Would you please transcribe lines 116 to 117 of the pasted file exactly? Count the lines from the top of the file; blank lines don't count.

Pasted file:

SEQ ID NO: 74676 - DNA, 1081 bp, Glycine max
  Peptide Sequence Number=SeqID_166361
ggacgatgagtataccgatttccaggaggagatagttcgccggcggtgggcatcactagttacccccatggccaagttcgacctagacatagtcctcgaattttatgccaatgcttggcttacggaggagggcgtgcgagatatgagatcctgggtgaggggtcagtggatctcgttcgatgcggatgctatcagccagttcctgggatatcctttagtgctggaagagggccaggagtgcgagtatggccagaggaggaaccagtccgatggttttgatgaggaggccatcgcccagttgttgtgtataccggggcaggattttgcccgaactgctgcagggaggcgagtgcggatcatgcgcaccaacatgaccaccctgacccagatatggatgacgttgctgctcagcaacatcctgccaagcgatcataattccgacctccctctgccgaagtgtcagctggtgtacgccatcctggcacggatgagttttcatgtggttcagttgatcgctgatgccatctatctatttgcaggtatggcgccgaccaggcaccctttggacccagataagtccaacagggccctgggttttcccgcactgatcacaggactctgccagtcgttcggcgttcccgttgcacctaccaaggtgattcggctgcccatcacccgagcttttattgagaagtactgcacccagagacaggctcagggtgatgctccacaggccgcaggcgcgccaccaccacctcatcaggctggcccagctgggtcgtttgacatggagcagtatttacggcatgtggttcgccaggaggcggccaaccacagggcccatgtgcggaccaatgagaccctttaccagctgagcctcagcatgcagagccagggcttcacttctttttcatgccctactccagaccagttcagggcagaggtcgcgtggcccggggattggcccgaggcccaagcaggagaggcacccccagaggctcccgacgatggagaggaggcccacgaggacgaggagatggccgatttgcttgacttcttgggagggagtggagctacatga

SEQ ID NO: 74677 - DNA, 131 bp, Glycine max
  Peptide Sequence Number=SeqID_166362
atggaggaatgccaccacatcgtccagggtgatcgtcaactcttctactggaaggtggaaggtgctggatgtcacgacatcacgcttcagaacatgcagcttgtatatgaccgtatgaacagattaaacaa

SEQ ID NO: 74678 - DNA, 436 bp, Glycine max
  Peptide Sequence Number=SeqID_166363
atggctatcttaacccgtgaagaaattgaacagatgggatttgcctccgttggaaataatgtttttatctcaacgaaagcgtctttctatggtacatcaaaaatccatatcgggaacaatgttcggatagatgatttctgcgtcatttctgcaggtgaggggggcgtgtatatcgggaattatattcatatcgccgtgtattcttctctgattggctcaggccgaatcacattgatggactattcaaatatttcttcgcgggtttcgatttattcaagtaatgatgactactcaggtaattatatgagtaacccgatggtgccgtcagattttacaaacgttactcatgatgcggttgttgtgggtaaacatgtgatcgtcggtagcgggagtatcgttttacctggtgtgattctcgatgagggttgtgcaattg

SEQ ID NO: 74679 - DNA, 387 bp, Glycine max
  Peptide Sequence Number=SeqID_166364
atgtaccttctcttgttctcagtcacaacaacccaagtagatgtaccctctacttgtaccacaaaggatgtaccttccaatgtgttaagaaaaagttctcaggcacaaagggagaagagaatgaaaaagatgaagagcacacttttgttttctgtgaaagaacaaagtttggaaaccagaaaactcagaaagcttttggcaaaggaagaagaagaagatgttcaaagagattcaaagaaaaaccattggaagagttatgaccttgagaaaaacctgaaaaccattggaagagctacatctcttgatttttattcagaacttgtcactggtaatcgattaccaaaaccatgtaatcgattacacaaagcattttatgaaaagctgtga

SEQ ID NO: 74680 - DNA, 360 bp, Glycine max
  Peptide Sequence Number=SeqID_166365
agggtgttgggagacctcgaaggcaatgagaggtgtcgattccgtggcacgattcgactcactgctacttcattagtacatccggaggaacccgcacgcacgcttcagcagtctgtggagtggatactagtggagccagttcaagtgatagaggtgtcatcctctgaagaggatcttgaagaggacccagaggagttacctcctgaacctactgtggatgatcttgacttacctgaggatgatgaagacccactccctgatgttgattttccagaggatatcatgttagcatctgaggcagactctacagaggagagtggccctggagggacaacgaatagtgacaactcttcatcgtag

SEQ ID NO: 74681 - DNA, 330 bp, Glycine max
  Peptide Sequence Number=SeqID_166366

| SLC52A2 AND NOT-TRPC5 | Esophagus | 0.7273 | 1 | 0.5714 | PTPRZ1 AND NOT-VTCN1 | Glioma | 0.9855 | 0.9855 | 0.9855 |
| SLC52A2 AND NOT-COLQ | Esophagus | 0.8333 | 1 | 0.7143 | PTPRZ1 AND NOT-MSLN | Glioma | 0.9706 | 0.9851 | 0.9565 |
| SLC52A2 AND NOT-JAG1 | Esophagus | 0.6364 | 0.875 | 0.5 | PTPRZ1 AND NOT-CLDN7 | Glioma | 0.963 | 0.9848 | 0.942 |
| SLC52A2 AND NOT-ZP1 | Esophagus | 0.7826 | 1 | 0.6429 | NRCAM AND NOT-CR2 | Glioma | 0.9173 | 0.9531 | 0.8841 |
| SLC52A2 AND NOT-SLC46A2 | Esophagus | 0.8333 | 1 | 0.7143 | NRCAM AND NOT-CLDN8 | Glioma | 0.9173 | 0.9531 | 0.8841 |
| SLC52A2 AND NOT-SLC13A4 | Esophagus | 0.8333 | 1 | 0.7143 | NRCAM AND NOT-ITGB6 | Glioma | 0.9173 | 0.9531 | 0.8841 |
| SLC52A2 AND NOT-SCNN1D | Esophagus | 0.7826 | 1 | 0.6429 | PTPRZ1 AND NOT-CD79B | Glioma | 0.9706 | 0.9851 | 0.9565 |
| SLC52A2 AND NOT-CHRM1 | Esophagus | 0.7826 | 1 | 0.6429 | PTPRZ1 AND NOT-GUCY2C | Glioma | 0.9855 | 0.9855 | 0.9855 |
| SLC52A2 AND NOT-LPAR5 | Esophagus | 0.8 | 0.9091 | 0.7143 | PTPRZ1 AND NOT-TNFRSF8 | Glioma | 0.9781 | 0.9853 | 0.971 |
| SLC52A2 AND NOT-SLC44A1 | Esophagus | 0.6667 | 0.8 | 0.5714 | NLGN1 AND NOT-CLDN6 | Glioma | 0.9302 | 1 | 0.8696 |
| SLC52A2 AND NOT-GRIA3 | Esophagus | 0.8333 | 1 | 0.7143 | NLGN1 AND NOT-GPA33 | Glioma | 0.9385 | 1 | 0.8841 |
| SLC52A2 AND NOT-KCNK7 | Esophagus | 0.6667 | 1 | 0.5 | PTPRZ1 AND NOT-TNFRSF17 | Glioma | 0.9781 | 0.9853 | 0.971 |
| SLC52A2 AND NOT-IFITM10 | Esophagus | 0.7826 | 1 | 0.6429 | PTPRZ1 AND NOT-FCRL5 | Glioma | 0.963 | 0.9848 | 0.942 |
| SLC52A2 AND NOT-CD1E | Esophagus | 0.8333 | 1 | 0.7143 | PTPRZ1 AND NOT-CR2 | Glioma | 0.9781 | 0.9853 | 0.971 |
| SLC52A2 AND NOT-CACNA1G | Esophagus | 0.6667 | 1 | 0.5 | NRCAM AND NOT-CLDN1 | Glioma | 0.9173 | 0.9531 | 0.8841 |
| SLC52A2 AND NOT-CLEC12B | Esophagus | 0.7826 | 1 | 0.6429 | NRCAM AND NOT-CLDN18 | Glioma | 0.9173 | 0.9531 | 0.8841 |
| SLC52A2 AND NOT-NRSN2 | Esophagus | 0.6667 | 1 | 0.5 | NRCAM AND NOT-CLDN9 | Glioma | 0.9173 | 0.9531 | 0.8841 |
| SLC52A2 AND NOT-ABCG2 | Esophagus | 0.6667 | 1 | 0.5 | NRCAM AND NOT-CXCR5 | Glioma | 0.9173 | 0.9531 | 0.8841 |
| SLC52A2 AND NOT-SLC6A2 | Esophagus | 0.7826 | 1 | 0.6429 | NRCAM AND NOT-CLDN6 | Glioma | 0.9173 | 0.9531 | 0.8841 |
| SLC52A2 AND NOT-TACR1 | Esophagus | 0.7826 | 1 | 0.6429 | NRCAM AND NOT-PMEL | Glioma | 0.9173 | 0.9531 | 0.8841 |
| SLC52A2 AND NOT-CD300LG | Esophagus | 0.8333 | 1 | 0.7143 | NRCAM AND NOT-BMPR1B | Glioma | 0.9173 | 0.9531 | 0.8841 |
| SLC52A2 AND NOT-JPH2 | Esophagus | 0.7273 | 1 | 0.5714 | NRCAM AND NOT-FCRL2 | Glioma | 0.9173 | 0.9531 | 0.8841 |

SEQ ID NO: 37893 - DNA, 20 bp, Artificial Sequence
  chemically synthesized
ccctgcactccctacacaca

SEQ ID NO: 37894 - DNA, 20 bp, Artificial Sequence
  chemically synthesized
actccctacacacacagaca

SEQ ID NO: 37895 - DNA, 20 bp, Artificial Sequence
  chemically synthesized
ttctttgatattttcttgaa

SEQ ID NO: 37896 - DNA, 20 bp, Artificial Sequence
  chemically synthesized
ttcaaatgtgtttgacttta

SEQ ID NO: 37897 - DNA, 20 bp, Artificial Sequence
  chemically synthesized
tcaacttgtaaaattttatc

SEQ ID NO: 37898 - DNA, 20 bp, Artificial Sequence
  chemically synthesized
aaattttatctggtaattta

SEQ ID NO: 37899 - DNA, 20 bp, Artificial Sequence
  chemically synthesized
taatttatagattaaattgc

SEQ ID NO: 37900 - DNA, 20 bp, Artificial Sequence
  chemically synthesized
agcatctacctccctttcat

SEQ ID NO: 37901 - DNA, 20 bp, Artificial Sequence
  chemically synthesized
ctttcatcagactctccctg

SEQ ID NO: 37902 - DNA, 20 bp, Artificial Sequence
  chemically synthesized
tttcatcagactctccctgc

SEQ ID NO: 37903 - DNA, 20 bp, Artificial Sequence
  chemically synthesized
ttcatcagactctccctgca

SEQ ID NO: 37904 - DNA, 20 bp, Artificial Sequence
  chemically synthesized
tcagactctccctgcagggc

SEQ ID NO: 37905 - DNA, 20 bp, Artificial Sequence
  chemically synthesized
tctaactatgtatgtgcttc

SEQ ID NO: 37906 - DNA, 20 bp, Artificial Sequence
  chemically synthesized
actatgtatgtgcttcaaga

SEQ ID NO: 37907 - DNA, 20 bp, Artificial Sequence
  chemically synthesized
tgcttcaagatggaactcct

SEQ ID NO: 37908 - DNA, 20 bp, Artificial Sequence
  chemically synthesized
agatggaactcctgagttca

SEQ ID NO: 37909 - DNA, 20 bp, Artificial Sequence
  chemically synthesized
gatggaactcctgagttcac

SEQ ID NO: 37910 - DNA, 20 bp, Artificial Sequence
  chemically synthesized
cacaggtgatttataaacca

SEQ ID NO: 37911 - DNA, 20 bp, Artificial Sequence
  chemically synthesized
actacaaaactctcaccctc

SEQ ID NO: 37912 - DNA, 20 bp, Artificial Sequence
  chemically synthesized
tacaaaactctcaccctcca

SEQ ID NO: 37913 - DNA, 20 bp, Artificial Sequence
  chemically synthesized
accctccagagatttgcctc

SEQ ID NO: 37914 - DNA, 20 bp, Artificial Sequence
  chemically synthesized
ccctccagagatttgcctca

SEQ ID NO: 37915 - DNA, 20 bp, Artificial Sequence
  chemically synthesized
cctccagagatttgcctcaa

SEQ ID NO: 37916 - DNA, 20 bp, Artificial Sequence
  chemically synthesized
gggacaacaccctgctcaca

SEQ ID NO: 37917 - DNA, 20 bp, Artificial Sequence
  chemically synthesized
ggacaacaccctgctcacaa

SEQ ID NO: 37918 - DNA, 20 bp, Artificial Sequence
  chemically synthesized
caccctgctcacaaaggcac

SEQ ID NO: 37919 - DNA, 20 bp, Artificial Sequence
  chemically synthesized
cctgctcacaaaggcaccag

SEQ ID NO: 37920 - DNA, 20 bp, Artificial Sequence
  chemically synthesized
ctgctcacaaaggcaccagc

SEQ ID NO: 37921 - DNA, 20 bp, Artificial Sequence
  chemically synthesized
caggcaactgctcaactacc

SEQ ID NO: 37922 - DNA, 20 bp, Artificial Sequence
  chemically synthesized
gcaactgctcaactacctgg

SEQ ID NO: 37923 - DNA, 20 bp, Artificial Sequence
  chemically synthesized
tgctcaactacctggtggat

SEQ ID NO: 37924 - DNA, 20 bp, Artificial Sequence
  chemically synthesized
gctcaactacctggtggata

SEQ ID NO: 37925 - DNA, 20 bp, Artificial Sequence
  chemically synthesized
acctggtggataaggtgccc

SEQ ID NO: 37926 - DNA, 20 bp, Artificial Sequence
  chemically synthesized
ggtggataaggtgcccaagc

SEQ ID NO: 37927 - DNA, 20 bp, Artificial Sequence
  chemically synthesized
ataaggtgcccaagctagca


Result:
  chemically synthesized
caccctgctcacaaaggcac